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February 10th, 2010
The marvelous Laura Marling played an absolutely jaw-dropping concert last night at Lee’s Palace in Toronto. The 90’s born folk singer-songwriter shocked an audience that may have passed her in age, but certainly not in wisdom – a young Joni Mitchell in the making.
It was a perfect start to a perfect evening as Laura’s opening band, The Wheels, readied up the audience with their throaty folk harmonies that warmed my soul. It was same band members from the opening band who also took the stage as Marling’s band later in the evening. Lee’s was packed wall-to-wall with fans anxiously anticipating the start of her set.
When Marling first walked out on stage, the first obvious change of the young woman, as we knew her, was the hair-do. The pixie-cut blonde hair was replaced with a golden brown bun on the top of her adorable face. She grinned at the audience; it was her dimples immediately made me want to put her in my pocket and keep her forever. She dressed very humbly – dark jeans, an oversized brown knit sweater, and black calf-high boots. It was evident she was not there to put on a fashion show.
We were the typical too-polite-to-cheer-during-a-song Toronto crowd, appearing almost unmoved by the words this little nineteen-year-old was belting out, until the last strum of her guitar when we erupted into the most appreciative applause. Originally Marling was set to play at the Drake Hotel, due to the high demand for tickets and severe lack of space resulted in the upgrade to Lee’s Palace, which turned out to be the perfect, most intimate venue.
Musically, Laura’s vocals were nothing short of incredible and each harmony made me sigh with satisfaction as they fit together, so snug, like puzzle pieces. She played mixture of songs off both her first album, The Maniac and I, and her soon-to-be released second album, I Speak Because I Can. As a musician, it is important for an audience to see the development not only vocally (which I will re-state, was impeccable) but also lyrically. As quoted to NME magazine, Marling describes the album as dealing with “responsibility, particularly the responsibility of womanhood”. The songs off of the new album proved to the audience that this is not the same woman who gave us the musical treasures “Ghost”, “New Romantic”, and “Alas I Cannot Swim”. The woman that stood before us last night was one who sounded aged by a great deal of life experience – or perhaps she simply knew how to relate to those who have.
Some highlights from last night would be Marling’s performance of “Goodbye England (Covered In Snow)” – which was ironic seeing as last night we’d gotten the first snowfall in weeks. Despite the bone chilling weather, this song made everyone’s heart melt. “I tried to be a girl who likes to be used / I’m too good for that / There is a mind under this hat.” Marling leaves the serious tone for a moment, letting the audience enjoy the sweetest, most empowering track on the album. She warned the audience before she began the next track – “We don’t have a violinist to play part of the song, so I guess my whistling will get some exercise.” Only Laura with her acoustic guitar performed the song “Night Terror” – and yes, she did in fact whistle the violin solo, before cooing out the perfect last line of lyrics. Toronto. ate. it. up.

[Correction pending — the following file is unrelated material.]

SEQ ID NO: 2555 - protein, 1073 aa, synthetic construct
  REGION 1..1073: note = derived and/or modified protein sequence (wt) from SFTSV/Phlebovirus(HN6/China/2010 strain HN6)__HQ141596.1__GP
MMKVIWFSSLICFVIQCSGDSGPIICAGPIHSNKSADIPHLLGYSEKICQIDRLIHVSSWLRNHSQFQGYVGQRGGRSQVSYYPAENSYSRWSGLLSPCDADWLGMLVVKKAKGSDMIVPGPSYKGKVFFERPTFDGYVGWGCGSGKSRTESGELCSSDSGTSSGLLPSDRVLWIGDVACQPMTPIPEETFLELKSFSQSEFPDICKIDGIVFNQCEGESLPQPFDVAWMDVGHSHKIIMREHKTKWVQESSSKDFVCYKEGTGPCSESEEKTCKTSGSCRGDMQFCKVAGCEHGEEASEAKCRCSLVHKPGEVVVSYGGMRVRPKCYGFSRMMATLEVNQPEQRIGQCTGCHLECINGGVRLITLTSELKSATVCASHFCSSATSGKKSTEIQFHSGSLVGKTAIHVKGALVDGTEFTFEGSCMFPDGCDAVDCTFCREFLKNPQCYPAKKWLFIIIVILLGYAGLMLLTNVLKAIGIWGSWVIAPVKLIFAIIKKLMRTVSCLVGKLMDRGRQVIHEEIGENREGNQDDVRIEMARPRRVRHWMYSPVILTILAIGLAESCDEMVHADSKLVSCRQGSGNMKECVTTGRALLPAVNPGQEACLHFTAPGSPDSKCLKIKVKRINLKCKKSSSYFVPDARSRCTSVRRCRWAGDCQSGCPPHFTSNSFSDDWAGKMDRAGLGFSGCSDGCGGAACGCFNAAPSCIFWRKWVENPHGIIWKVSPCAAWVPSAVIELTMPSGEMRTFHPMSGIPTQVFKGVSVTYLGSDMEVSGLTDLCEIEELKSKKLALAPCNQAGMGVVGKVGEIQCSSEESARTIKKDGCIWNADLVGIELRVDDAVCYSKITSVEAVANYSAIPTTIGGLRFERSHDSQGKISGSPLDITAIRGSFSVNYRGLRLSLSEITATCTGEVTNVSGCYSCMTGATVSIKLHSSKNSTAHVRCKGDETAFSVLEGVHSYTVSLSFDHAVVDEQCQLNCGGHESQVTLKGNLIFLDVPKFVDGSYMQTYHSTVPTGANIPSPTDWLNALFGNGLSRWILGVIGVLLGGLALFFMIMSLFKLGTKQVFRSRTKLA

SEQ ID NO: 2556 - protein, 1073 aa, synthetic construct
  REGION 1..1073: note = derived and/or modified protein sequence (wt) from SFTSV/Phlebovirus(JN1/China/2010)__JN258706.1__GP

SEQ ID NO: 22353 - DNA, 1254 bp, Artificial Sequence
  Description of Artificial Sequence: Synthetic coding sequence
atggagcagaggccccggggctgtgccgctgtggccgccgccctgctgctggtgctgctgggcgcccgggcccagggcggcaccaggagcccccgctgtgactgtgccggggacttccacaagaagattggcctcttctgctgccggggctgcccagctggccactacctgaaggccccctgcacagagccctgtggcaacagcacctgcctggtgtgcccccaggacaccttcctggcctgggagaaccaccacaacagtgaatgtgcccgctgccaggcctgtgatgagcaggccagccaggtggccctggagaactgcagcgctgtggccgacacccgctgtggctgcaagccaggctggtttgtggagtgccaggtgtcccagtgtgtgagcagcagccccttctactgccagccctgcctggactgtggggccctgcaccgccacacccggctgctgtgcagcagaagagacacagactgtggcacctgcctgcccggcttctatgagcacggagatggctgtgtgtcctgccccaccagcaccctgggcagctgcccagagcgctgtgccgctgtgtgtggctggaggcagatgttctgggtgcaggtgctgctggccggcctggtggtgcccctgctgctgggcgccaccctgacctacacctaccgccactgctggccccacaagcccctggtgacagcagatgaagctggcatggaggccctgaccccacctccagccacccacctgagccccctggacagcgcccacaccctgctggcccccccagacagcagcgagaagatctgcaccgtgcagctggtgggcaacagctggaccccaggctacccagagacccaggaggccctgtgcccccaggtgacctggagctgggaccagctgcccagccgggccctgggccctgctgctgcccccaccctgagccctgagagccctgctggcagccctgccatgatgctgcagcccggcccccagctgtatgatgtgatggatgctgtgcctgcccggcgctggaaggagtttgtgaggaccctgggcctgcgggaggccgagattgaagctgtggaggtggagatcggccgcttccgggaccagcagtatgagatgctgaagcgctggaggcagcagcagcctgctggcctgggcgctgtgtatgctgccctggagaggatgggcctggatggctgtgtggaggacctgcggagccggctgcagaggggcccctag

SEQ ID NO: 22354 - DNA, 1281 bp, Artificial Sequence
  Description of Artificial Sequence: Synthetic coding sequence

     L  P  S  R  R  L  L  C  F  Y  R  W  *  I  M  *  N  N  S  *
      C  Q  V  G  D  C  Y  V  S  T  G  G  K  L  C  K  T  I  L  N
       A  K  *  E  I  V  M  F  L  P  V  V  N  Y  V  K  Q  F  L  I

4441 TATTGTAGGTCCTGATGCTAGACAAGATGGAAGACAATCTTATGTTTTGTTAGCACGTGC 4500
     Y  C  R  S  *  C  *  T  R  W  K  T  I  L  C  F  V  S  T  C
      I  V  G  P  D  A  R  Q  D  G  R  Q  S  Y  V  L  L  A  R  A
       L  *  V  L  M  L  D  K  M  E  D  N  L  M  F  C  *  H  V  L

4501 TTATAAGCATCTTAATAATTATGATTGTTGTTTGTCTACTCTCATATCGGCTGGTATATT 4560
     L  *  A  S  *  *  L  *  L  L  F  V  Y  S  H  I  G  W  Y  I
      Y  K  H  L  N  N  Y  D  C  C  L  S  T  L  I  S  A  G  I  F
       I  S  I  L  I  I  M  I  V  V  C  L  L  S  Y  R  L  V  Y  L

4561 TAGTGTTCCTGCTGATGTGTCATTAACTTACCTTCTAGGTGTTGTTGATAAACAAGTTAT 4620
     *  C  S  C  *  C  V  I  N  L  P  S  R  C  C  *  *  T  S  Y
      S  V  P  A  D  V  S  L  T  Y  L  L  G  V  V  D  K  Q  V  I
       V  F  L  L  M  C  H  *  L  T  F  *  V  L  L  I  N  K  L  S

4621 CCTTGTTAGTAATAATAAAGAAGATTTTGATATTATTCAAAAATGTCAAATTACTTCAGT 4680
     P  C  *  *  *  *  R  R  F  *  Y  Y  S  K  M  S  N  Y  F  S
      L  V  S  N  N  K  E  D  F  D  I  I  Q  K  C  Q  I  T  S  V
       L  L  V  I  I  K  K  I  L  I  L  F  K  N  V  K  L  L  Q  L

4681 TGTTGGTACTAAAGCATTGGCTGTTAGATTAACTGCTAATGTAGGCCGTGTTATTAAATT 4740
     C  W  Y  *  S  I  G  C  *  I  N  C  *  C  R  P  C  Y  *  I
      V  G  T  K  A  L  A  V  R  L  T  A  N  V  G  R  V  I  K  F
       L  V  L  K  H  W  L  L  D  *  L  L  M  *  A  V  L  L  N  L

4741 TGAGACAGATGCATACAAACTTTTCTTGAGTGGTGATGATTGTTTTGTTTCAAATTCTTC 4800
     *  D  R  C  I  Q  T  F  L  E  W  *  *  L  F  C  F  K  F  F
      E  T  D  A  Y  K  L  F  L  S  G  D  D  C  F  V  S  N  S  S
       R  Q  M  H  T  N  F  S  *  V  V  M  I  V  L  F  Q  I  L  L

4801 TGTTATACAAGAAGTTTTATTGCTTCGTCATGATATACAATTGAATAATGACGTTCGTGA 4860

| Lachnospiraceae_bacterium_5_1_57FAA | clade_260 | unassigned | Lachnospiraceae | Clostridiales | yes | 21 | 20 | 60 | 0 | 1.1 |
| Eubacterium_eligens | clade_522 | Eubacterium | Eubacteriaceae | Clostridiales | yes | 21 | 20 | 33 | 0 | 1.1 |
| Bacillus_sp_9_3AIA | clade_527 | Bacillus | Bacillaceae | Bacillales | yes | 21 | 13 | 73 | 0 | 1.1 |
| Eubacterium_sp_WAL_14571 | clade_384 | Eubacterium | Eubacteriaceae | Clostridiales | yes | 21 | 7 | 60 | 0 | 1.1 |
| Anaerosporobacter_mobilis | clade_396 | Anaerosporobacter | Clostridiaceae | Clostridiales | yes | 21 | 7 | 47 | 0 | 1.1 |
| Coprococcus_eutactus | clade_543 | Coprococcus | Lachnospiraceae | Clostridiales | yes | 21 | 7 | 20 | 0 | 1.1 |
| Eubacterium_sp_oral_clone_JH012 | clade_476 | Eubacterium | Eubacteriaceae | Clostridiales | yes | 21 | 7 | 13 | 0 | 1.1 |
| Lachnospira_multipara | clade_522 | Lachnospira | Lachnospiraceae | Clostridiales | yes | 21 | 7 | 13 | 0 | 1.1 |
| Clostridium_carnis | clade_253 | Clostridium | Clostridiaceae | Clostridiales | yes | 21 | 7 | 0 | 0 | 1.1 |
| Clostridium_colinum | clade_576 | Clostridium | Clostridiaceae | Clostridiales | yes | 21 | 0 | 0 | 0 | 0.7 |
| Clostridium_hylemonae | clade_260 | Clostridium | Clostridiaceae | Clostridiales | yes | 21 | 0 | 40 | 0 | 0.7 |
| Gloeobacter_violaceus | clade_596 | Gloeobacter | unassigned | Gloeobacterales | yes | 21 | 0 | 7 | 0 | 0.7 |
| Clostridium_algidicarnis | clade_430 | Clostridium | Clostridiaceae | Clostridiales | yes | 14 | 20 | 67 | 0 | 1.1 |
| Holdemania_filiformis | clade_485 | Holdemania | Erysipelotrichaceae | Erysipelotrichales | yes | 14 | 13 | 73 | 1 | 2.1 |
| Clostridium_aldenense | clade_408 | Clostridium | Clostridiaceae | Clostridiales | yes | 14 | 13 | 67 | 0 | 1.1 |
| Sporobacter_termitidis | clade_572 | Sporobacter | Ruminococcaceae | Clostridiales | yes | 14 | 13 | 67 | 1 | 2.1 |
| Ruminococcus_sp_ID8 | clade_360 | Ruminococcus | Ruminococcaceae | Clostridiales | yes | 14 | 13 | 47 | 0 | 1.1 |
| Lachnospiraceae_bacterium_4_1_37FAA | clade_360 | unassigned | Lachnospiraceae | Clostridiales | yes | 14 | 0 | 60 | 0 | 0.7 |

Marling’s cover of Canadian singer Neil Young, “Needle and the Damage Done” was another Toronto favorite and much appreciated by the audience. It was interesting to listen to Marling perform the album-titled song “I Speak Because I Can”, because it was a glimpse into what we should expect from her second album which is set to released on March 22, 2010. The songs are definitely of a darker nature, and more metaphorically alluring. It appears that many of her newer songs are cleverly referenced, for example “I Speak Because I Can” refers to the story of Odysseus from his wife Penelope’s perspective. Clever girl – “responsibility of womanhood”, I’d say.
Marling also shared her theory on how she does not understand why musicians leave their best songs for the Encore when there is always the chance that the crowd won’t call you back out! She decided that she was going to play the last song in her set and – whether we liked it or not – her encore song, which in the middle of she burst into a fit of giggles. “I’m sorry!” she explained, “Impulsive giggles!” The band stopped, the audience stopped – we all watched as Laura attempted recoup, but the giggles got the best of her. So we all joined in! It was a good feeling to know that although this young woman may have wisdom beyond her years, she hasn’t forgotten to be silly.
I would have willingly stayed there another few hours to listen to her coos, trills, and hollers. Even as Marling walked of stage I found myself unwilling to move, wishing that her set would start all over again. My bittersweet emotions in that moment urged me to purchase a t-shirt as a token to commemorate that moment in time.
Laura Marling’s concert will be a difficult performance to top, come on 2010! Show me what you’ve got.
By: Megan ChownTweet